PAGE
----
So, you might pop the book out, nobody will know about it for a little bit, and then the launch happens later. But it just gives you that little window of time where you mind what you're doing up until the launch, where you're going to be doing a few little things to smooth it out a bit, so that you're not launching with too many eyes on you, and then something goes wrong because you're not prepared.
Melissa Addey: Indeed, and my first book, I remember launching it and then, well, not launching, just putting it out there because I was testing the process. And of course, it didn't sell at all because I wasn't marketing it, and it was quite nice that nobody knew it was there, nobody was going to buy it and see that there was a typo on page three or whatever. I was free to check everything, to make sure everything was okay, and then start making a fuss about it.
It really was quite a nice feeling to not have that additional stress on.
So, there's various practical things that we can do. You will read about advanced authors potentially sharing that soft launch with their ARC team, so their advanced reader copy team. This is a very common thing for them to do, because that's how they're trying to get reviews ready really quickly, and whilst that is a lovely thing to do, again, I really wouldn't get involved in that in your first book. I really wouldn't. I would just put it out there and experience all the bits that have to still be put in place.
Next time, set up an ARC team and do that.
Dan Parsons: Yeah, what I think you'll find is that lots of, I can't remember what the law is called now, but there's a law that everything that can go wrong will go wrong. You'll find typos in the books. Things won't link together properly. If you've got, like some authors will set up these big pre-order campaigns, and if you send out, if you somehow miraculously manage to get a thousand pre-orders, which does sometimes happen, it's very rare, but it sometimes happens, you don't want to send out a thousand wrong copies, because that's the first thing those readers have heard about from you, and then you instantly have a bad repetition.
Melissa Addey: Exactly, and I had an author, a brand-new author, and he put the book out, found three typos in it, as you do, and then he was like, I spent all night worrying about it, and I was like, right, you shouldn't have planned the launch. You should have just, no one would've known, you don't need to spend all night worrying about it.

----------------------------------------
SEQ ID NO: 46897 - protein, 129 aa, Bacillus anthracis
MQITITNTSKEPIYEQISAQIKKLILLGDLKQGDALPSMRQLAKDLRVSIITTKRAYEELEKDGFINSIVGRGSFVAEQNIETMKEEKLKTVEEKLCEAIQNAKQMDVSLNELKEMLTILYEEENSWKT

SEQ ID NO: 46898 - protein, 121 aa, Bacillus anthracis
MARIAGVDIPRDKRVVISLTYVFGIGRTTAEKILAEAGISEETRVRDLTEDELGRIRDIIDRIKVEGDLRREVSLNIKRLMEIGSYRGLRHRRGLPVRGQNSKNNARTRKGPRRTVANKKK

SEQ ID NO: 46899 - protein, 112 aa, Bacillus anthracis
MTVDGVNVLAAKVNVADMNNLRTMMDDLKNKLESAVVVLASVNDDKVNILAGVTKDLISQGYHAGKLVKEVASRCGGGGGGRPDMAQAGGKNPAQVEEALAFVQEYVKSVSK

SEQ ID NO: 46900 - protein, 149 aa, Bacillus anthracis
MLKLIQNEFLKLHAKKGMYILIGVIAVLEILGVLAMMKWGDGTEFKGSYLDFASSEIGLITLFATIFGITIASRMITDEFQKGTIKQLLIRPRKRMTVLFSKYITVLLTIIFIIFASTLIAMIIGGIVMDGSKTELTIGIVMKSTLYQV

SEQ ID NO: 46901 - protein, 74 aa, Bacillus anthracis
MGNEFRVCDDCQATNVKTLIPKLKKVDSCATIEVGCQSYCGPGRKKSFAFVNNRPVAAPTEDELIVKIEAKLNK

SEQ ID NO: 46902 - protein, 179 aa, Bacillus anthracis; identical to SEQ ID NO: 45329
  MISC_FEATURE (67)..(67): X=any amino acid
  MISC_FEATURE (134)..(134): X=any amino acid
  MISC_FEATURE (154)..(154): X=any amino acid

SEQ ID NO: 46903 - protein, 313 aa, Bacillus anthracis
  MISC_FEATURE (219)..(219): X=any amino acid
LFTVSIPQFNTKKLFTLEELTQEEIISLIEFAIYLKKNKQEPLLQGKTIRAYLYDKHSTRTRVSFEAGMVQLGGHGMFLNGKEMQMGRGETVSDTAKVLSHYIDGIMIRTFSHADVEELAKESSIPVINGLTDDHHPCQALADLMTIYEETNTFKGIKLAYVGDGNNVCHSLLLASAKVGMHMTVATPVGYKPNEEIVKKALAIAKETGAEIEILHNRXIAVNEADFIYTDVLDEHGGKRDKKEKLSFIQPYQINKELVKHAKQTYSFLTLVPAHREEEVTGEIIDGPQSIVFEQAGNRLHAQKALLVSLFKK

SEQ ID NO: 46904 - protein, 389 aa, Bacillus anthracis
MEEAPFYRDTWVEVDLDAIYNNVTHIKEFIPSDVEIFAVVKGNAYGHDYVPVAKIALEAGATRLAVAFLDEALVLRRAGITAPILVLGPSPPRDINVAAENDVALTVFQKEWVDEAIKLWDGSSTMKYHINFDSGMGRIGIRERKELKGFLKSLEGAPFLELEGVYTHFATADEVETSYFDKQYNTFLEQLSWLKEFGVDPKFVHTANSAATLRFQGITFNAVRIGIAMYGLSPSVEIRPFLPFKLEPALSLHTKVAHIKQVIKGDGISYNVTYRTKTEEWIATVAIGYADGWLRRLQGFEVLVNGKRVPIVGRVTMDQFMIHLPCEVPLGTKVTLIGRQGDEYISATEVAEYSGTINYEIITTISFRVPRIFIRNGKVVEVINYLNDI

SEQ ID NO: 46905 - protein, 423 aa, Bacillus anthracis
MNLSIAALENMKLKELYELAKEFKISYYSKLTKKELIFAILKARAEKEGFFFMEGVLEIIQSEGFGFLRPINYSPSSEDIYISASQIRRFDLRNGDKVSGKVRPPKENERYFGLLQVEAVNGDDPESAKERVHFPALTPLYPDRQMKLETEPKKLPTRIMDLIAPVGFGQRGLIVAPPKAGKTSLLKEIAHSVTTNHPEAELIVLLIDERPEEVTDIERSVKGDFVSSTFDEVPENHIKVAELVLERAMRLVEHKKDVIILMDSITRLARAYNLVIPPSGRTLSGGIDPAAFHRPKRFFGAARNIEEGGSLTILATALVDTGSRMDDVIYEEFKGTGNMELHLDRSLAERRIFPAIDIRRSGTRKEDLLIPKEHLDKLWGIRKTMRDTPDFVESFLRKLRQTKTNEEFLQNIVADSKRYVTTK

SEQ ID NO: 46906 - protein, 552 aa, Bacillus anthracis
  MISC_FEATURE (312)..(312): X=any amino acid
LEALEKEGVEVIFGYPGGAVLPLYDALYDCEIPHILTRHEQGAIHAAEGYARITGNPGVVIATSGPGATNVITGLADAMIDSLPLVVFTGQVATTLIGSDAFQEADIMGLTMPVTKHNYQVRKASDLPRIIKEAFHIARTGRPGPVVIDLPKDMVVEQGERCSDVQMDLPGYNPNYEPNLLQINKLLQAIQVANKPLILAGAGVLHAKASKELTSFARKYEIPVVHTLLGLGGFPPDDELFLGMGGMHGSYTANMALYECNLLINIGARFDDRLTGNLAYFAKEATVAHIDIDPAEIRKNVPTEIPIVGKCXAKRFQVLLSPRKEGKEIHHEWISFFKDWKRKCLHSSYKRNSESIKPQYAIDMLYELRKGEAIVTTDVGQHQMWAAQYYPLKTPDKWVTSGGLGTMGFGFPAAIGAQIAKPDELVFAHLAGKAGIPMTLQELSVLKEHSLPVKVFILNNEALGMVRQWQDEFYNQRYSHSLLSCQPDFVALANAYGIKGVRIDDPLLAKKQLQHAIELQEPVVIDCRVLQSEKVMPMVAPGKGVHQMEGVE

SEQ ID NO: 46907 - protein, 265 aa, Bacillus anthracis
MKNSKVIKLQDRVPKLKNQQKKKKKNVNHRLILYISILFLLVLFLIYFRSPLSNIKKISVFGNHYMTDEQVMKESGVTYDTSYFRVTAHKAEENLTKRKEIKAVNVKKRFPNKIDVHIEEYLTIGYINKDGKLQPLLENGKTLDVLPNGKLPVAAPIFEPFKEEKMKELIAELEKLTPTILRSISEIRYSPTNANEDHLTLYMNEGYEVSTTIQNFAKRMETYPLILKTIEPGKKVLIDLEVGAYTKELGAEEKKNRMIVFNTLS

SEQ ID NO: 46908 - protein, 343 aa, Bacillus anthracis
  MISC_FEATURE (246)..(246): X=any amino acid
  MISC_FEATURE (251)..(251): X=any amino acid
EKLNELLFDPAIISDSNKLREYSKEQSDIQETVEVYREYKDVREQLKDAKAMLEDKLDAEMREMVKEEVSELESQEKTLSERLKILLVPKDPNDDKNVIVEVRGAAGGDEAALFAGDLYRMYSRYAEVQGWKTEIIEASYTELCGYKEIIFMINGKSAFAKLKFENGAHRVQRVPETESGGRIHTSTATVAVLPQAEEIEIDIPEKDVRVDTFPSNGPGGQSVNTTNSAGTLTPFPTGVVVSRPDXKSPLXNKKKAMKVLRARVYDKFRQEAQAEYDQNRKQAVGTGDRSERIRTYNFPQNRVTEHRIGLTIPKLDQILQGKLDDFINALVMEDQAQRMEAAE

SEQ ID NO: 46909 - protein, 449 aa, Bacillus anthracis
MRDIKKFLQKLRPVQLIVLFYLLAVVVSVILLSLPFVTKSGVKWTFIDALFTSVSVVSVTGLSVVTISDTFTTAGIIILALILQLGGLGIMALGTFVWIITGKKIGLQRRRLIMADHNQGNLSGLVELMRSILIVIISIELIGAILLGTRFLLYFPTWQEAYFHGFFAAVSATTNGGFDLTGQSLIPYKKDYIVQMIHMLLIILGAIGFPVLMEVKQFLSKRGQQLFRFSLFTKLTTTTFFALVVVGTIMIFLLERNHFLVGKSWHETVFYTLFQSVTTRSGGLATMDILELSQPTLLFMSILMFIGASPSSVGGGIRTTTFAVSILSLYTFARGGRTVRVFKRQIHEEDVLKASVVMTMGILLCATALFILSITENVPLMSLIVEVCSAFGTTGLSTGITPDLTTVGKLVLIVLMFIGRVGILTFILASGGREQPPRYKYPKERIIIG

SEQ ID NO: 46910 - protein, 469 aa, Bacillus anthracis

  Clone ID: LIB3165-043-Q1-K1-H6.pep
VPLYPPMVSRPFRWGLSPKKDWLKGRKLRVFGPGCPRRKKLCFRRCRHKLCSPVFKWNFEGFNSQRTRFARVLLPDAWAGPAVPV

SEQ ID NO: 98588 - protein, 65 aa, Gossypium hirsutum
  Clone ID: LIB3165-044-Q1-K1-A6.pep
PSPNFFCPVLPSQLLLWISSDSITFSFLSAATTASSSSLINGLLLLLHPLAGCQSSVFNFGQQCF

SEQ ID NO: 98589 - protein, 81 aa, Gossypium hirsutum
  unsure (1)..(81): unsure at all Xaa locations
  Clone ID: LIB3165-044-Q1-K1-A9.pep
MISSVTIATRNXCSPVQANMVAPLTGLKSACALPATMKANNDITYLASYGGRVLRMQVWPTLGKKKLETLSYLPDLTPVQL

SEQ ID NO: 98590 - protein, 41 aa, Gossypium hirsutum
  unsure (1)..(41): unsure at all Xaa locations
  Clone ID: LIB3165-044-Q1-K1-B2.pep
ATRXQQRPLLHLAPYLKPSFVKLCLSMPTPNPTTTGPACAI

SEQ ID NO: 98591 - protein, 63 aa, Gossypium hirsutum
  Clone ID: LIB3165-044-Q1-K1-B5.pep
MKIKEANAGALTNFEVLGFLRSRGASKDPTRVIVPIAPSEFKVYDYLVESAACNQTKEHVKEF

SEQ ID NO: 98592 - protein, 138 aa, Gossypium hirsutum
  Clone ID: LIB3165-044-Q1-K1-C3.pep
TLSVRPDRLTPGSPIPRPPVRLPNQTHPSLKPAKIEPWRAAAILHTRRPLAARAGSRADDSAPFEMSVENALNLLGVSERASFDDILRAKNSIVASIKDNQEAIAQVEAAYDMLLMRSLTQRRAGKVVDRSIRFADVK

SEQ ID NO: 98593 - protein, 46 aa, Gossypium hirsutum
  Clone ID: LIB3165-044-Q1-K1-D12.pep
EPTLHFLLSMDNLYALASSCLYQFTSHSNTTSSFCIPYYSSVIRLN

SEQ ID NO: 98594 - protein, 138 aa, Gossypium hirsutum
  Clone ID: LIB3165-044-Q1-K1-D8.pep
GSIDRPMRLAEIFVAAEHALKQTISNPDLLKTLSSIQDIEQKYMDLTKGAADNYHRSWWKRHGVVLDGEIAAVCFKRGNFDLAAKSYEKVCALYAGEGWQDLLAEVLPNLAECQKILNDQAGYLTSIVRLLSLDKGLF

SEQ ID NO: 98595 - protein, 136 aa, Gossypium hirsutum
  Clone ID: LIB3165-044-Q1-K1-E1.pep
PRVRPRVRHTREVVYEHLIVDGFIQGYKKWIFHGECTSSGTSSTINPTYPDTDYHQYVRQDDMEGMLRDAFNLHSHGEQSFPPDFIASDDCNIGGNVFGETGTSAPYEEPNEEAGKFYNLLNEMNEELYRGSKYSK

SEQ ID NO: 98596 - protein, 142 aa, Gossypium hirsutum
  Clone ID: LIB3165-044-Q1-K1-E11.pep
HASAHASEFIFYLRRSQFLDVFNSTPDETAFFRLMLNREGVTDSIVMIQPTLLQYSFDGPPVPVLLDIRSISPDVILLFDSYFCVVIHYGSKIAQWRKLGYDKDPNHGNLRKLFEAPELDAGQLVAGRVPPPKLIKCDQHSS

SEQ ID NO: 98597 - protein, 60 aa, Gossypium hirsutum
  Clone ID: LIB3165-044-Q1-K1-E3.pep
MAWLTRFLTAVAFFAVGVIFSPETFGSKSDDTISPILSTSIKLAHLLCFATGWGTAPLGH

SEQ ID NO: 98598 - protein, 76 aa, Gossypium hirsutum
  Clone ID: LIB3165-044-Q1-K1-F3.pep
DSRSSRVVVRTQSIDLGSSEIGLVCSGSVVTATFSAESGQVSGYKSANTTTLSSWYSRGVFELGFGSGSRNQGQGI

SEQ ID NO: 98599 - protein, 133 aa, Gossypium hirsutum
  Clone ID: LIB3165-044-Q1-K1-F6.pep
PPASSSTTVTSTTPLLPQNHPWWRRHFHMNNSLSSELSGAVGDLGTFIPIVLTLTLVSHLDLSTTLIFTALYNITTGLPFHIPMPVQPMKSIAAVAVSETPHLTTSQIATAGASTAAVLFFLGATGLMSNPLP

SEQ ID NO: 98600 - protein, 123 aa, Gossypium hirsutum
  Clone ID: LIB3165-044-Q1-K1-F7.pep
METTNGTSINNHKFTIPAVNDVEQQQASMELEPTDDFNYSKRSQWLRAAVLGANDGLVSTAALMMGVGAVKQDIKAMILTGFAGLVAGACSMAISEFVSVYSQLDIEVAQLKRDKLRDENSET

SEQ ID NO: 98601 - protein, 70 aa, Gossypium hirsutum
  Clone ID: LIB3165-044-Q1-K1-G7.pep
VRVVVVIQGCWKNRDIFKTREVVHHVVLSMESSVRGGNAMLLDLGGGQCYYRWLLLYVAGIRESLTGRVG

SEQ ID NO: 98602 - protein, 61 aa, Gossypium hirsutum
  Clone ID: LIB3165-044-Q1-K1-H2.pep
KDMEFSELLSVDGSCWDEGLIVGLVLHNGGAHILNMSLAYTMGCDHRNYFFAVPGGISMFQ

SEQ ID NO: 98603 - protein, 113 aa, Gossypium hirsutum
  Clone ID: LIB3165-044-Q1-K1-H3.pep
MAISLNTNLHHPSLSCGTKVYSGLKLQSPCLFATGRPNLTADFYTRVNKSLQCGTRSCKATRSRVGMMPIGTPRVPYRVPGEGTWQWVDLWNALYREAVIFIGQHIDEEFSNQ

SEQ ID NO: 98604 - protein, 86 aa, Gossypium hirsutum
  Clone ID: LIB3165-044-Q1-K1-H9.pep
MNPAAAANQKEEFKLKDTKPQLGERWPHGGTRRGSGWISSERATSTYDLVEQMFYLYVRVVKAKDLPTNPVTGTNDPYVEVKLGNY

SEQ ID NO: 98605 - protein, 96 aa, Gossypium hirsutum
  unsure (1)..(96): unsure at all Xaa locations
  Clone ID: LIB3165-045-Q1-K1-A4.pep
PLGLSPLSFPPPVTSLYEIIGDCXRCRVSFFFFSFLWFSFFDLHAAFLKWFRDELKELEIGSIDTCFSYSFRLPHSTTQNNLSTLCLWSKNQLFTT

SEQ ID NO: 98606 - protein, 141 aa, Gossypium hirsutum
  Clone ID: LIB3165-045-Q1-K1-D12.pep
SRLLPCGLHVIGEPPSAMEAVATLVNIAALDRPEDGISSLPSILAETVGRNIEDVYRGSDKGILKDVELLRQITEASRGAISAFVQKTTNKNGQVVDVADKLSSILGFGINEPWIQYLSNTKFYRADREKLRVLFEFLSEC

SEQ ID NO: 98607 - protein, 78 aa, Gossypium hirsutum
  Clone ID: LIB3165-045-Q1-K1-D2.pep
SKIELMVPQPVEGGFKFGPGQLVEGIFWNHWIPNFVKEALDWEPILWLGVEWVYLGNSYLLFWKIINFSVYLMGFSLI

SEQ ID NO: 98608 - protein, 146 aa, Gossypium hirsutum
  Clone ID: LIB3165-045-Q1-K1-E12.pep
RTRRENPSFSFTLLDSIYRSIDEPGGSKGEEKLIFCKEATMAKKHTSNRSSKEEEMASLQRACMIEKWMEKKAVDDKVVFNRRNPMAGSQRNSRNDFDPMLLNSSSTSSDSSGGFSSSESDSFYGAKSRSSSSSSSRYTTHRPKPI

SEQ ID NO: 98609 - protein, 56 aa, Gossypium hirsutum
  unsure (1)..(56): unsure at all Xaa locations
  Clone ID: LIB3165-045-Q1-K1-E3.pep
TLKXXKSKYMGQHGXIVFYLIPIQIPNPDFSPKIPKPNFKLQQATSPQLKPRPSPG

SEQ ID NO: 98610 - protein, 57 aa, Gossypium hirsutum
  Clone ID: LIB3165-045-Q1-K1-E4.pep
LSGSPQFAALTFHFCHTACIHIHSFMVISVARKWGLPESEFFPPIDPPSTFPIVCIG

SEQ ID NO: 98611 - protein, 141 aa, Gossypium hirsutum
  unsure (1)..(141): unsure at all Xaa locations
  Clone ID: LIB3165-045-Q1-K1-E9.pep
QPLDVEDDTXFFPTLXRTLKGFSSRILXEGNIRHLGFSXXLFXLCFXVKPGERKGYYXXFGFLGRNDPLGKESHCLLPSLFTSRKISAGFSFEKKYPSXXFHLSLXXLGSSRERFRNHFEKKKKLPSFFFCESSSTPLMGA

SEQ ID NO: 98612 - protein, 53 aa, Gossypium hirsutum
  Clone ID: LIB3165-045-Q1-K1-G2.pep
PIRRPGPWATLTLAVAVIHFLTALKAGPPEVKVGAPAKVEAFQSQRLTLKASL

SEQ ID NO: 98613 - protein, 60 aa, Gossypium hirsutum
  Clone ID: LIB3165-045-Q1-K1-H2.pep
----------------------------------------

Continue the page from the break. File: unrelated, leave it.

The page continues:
Dan Parsons: Yeah, the good thing about being an indie author is that, because you control the publishing process, when you put something out, if you notice a mistake, you can fix it at any time in the process, whether the book has been out five minutes or five years.
So, if the book has been out five minutes and you immediately spot something that's wrong, you haven't told anyone to go and buy it yet so you can fix that before it goes.
So, yeah, we should say that we discourage pre-orders for new authors who want to do a soft launch, because the difference between a new author and a really experienced author who does a soft launch, as we said, some experienced authors will launch softly to their ARC team first to get reviews, and then once there are reviews and social proof in place then they'll do a hard launch to everybody else, and then it'll do very well. Or they'll soft launch it direct through their website so that people will buy it and they'll make more money per book sale, and then they'll do a hard launch when it's on retailers, or something like that.
But with newer authors, you don't need to worry about that so much. You just need to worry about doing a soft launch to check it for quality and to make sure everything connects, and what you plan to happen actually happens.
Melissa Addey: Indeed. Absolutely.
So, let's just go through a few of the things that you might want to be fixing as that first book comes out.
First of all, when you say publish, there's a button and you press publish, you don't have much control over when that happens. So, it says 72 hours, or 24 hours, or 48 hours, or whatever it says, or a week, it's not precise like that.
So, if you had a day that it had to hit, you're just going to spend your time stressing about that on the one week of the year, it would be your week, where the whole system goes funny, and it takes a week to upload them, rather than the promised 72 hours. So, the first thing is, you don't know exactly when that's going to go live. That's one.
The second thing is, once it does go live, for example on Amazon, it does a very weird thing where the eBook will appear on one URL and the paperback will appear on a different URL, and you are sat there thinking, aren't they all supposed to be on one page? They will be on one page, but again, that takes a little while and you don't know when that is. You don't want to share either the eBook or the paperback, you want to share the combined page, and you don't know when that's going to show up. So, wait until that shows up, first of all. That will then give you a URL that you can start using, or indeed turn into what's called a universal link, which means it'll take you to the appropriate platform for you.